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The Grass side of Life

Names of Researchers University of the Witwatersrand

Introduction
Most people are increasingly adopting a greener lifestyle. We all seem to overlook polystyrene which is an ever present even in green products due to its endless functionality. Namely: packaging, disposable utensils and insulation. Its inherent difficulty in recycling and inability to biodegrade causes substantial problems. Problem Polymers account for 30% by volume of landfills Polystyrene is derived from highly polluting fossil fuel sources such as petroleum Animals can ingest it and choke as this substance can easily mimic food. Sea life in danger due to low density of material which enables it to float. In order to tackle this problem, we explore the possibility of replacing polystyrene with a biodegradable polymer made from switchgrass.

Pollution and Society

LCA of PHB/Lignin
Genetic Engineering of PHB
PHB and lignin, the basis of the polymer are extracted from switchgrass after genetic engineering. Specialized chemicals for genetic engineering are consumed. The PHB is formed as granules within the grass negating the need for bioreactors.

Conclusion

Processing
The PHB is mixed with Lignin at temperatures which will avoid the degradation of PHB. The plastics are then extruded and pelletized. This mixing will require energy in the form of electricity for the heaters. Gasses like CO2, N2O and SO2 are produced.

Transportation
The moulded plastic will be sent out to different outlets after their formation. Carbon dioxide and other air pollutants are an indirect consequence along with fossil fuel consumption.

LCA of Polystyrene
Raw Materials
Polystyrene is derived from petroleum and hence we to account for Air pollution in manufacturing prneed ocess Land degradation from mining activities Energy usage in extensive process ng of oil products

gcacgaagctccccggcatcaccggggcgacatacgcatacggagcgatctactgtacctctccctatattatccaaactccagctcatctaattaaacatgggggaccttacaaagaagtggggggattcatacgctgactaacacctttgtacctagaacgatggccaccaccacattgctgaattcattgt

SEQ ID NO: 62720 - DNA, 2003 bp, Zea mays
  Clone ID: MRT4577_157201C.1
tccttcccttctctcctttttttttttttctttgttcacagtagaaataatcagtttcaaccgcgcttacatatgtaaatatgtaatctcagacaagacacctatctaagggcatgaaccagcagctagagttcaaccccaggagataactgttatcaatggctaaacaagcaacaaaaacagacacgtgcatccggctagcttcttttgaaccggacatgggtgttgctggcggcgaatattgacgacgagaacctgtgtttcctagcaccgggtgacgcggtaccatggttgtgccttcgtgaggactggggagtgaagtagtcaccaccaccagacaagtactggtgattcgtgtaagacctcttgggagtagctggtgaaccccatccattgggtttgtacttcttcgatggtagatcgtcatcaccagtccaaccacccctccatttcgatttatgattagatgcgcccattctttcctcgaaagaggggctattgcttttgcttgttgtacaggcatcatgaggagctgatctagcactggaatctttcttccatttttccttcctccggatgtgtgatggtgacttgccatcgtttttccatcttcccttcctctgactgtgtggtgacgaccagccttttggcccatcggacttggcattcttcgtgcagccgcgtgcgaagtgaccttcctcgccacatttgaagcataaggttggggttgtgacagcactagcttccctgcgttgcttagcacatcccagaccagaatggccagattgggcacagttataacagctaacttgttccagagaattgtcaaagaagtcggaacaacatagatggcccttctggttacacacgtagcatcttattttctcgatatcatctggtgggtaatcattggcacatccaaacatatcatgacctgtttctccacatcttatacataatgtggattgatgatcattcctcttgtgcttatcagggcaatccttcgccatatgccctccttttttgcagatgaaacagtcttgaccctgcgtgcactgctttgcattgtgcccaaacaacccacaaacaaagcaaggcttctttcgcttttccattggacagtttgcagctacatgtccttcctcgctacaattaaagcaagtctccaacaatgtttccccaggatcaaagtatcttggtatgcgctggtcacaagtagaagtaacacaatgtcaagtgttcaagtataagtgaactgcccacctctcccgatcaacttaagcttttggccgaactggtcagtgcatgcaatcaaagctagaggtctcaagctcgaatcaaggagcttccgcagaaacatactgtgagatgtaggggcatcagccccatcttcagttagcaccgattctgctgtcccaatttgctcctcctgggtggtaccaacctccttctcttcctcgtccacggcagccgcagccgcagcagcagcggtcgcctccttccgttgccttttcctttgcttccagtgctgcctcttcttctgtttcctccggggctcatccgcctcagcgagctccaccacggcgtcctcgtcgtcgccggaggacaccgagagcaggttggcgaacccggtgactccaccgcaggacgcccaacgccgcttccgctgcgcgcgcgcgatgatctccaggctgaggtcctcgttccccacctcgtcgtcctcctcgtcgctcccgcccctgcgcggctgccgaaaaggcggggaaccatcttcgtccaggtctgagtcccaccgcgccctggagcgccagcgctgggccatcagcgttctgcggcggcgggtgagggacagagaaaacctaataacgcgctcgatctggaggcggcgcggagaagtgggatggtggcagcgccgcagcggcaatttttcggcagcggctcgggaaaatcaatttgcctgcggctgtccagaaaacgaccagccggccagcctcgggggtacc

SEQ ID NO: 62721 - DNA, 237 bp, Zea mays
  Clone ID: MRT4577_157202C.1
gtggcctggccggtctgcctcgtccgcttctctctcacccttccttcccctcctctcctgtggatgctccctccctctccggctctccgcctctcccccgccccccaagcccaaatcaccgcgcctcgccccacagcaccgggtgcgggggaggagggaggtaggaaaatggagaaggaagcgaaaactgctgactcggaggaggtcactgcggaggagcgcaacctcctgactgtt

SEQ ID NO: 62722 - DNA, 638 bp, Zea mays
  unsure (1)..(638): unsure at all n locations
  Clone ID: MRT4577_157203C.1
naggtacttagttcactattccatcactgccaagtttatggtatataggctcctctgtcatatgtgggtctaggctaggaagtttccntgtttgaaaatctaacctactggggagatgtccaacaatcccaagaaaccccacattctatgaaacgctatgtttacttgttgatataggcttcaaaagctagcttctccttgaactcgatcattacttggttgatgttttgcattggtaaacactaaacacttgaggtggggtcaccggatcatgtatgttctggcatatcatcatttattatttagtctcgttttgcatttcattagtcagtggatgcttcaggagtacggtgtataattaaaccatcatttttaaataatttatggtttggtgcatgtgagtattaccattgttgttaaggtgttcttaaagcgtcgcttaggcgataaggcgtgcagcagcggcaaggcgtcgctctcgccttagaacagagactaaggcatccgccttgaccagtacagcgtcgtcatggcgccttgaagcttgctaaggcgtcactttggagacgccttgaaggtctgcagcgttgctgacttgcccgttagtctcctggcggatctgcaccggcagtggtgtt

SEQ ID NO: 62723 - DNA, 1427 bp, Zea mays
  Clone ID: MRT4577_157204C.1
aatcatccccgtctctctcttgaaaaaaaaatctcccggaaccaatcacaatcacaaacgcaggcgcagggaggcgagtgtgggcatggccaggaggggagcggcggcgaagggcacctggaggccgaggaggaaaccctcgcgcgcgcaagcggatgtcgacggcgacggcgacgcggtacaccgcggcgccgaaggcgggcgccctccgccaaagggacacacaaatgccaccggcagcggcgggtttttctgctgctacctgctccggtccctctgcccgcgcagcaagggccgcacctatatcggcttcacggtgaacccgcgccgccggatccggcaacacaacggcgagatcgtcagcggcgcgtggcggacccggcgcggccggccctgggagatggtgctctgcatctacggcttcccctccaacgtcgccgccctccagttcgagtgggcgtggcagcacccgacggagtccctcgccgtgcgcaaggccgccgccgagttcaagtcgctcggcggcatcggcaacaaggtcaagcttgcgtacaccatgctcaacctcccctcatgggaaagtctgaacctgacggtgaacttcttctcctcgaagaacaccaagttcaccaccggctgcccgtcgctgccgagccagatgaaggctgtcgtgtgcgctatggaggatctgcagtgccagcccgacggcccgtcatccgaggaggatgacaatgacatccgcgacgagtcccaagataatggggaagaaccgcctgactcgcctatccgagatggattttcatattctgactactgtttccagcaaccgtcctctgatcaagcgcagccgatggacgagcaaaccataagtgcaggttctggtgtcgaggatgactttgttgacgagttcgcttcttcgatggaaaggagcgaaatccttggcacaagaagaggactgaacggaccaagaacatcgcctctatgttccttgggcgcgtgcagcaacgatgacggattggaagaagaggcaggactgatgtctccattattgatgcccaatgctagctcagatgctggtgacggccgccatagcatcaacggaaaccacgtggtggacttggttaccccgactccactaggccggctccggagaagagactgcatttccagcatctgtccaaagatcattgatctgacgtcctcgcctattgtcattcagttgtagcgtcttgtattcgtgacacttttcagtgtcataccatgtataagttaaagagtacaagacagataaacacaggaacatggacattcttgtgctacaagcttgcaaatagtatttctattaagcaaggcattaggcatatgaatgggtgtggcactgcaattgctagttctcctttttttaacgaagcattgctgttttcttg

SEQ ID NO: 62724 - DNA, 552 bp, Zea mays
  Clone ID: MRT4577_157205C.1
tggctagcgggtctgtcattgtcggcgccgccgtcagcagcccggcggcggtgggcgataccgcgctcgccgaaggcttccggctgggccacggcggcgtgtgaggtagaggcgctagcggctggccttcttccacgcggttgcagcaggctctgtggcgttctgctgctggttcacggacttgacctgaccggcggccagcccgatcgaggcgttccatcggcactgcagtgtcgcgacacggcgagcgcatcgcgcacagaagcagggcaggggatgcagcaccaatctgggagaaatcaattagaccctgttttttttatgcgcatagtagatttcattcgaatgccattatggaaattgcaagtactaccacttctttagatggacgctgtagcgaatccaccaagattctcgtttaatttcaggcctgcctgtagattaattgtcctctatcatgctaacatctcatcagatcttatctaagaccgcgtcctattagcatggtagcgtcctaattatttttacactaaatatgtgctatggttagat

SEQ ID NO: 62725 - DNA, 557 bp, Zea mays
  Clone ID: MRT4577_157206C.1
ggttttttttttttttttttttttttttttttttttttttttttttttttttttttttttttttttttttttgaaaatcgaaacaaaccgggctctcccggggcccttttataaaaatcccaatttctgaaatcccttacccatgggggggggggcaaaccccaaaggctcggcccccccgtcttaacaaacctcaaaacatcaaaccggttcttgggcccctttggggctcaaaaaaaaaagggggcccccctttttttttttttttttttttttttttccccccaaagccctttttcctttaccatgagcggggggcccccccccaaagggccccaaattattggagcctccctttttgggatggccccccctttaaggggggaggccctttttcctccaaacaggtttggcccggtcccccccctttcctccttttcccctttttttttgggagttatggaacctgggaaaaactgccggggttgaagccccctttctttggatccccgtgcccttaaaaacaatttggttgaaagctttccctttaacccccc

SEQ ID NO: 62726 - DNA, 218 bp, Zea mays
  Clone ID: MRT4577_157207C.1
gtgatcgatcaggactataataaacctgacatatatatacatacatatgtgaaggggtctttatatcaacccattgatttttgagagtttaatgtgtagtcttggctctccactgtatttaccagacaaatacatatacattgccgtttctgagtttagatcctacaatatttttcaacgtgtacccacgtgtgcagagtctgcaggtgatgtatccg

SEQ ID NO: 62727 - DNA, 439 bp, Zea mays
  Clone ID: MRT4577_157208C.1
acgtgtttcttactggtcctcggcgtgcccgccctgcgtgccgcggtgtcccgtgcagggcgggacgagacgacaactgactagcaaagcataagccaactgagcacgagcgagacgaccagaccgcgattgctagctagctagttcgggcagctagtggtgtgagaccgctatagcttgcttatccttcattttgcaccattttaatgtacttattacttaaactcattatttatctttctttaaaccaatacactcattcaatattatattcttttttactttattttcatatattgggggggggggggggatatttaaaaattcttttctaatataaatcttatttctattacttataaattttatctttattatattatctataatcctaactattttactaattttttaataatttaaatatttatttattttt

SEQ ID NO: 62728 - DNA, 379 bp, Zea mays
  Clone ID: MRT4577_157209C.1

Usage and Maintenance


No real direct environmental concerns from general usage It is used like any other polymer. The materials of production yield no pollution or cause a health risk to humans or animals.

Manufacturing
Polystyrene is manufactured from a styrene monomer, and accounts for very little process water. Most water due to cooling than actual manufacturing of product High energy requirements due to hot steam used to form the polystyrene and regulate temperatures during production

Solution

Disposal
The material is compostable and degrades quickly since it is a bioplastic. Recycling will contaminate Petroleum plastics.

Transportation
All products require vast transportation, considering they are either used as consumer goods or packaging materials. Carbon dioxide and other air pollutants are an indirect consequence

Advantages and Disadvantages

Usage and Maintenance


No real direct environmental concerns from general usage and no energy required due to the product functionality Styrene or benzene (which are toxic) could contaminate food sources if polystyrene food packaging is heated in microwave

References

Disposal
Polymers accounts for 30% by volume of landfills Due to density and nonbiodegradable nature, polystyrene can float of water and damage wildlife if not appropriately disposed of

Recycling
Polystyrene can only be recycled if not contaminated with oils or other chemicals The process of recycling would lead back to manufacturing and since there is no economic incentive, very little recycling of product occurs

Funding Source: First Person Second Contributor